Johannesburg – During a recent event hosted by the Ahmed Kathrada and the Sophie and Henry De Bruyn Foundations, which paid tribute to women who contributed to the resistance against apartheid; human and gender rights activist Elinor Sisulu called on South Africans, the youth in particular, to know their history.
Sophie De Bruyn, who was part of the 1956 Women’s March, also spoke at the event. The march was part of a decade of mass protest that ended in 1960 with the Sharpeville massacre.
Struggle heroines, Helen Joseph, Lilian Ngoyi, Rahima Moosa, Vesta Smith, Mary Moodley and Albertina Sisulu were remembered at the event, which started at the Women’s Jail in Constitution Hill on 4 August.
Sisulu pointed out that when students, during the #FeesMustFall protests called for free, decolonised education, a clear concept of such a system was never really ironed out.
“My understanding of a decolonised education is about knowing your history, affirming and celebrating your own heroes,” she said.
At the occasion, two publications were also launched, one on the life of anti-apartheid activist Mary Moodley and another on Albertina Sisulu. The booklets form part of a growing list of publications produced by the Kathrada Foundation. Sisulu remarked that the two publications advanced the promotion of history, contributing to a decolonised education.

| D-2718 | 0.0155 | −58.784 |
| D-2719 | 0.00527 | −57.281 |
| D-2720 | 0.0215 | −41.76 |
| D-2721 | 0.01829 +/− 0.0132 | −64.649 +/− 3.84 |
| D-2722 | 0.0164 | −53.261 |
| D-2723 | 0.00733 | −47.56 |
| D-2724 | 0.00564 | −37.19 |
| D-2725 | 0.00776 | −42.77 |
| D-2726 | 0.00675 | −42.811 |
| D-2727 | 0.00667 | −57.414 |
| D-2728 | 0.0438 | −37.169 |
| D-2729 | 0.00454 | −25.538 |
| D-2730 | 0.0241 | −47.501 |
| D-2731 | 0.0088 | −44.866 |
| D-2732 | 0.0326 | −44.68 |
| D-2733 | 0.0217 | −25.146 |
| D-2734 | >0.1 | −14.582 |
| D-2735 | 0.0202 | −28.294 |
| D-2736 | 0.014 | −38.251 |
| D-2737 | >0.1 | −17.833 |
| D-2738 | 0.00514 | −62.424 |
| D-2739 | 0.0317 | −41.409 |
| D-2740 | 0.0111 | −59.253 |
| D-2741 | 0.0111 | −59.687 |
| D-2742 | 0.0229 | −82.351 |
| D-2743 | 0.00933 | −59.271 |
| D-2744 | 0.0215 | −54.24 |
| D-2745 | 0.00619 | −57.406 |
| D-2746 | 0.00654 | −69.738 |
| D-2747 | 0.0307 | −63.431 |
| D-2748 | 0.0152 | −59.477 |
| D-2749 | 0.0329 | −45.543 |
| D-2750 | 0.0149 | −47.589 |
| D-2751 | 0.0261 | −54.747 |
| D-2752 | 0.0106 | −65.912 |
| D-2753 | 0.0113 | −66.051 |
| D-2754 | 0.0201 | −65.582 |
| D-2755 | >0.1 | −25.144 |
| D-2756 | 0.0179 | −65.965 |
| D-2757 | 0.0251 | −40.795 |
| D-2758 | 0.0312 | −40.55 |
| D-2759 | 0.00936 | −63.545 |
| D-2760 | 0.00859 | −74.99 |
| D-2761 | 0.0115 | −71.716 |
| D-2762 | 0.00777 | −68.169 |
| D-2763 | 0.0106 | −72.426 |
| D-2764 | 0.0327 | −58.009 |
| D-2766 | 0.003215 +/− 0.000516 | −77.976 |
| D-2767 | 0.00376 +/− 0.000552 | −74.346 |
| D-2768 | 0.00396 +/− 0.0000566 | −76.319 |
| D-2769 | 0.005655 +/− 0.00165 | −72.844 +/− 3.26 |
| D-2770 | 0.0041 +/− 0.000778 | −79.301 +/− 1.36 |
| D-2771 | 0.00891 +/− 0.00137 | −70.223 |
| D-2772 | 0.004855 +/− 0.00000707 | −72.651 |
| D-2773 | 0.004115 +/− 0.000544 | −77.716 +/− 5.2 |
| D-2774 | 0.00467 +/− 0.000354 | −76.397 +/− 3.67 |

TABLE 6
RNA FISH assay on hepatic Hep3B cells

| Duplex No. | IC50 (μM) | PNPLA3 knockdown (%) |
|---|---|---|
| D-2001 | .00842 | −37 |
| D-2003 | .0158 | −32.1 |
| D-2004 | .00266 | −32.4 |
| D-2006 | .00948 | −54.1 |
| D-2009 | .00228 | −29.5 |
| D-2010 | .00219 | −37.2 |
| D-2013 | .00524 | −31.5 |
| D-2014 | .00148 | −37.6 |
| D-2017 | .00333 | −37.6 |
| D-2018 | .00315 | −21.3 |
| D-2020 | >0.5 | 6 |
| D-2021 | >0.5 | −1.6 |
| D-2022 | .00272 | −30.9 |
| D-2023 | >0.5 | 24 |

She appealed for history to be presented to young people, in a quest to counter ‘a very toxic social media environment, in which histories are getting distorted and untested accusations thrown in the public space’.
Sophie De Bruyn reflected on the history of Flat 13, Kholvad House in Joburg where Ahmed Kathrada took residency from 1947 to 1963, before being arrested and imprisoned. She recalled how Kholvad House became central to building non-racialism.
De Bruyn also acknowledged the tremendous role played by Mary Moodley in organising the 1956 Women’s March.
She said Moodley mobilised people across race, gender and class.
However, she cautioned that the sacrifices of stalwarts such as Mary Moodley and many others continues to be taken for granted. While the Women’s March envisioned a free and non-racial SA, De Bruyn expressed disappointment at increased racial sentiments and intolerances.
Directing her call to the country’s leaders, she urged for a deeper focus on nation building. “We are much more apart as a nation than having been brought together,” she said.
Other speakers included environmentalist, Catherine Constantinides, of the inaugural African Union’s Youth Advisory Council Shakira Choonara, ex- activists in the #FeesMustFall movement, Fasiha Hassan and Nompendulo Mkhatshwa.
After the programme at Constitution Hill, the delegation moved to Avalon Cemetery for the laying of wreaths at the gravesites of Lilian Ngoyi and Helen Joseph, before proceeding to Newclare Cemetery.
The third session saw the delegation gathering at the grave sites of Rahima Moosa, Vesta Smith and Albertina Sisulu for more reflections.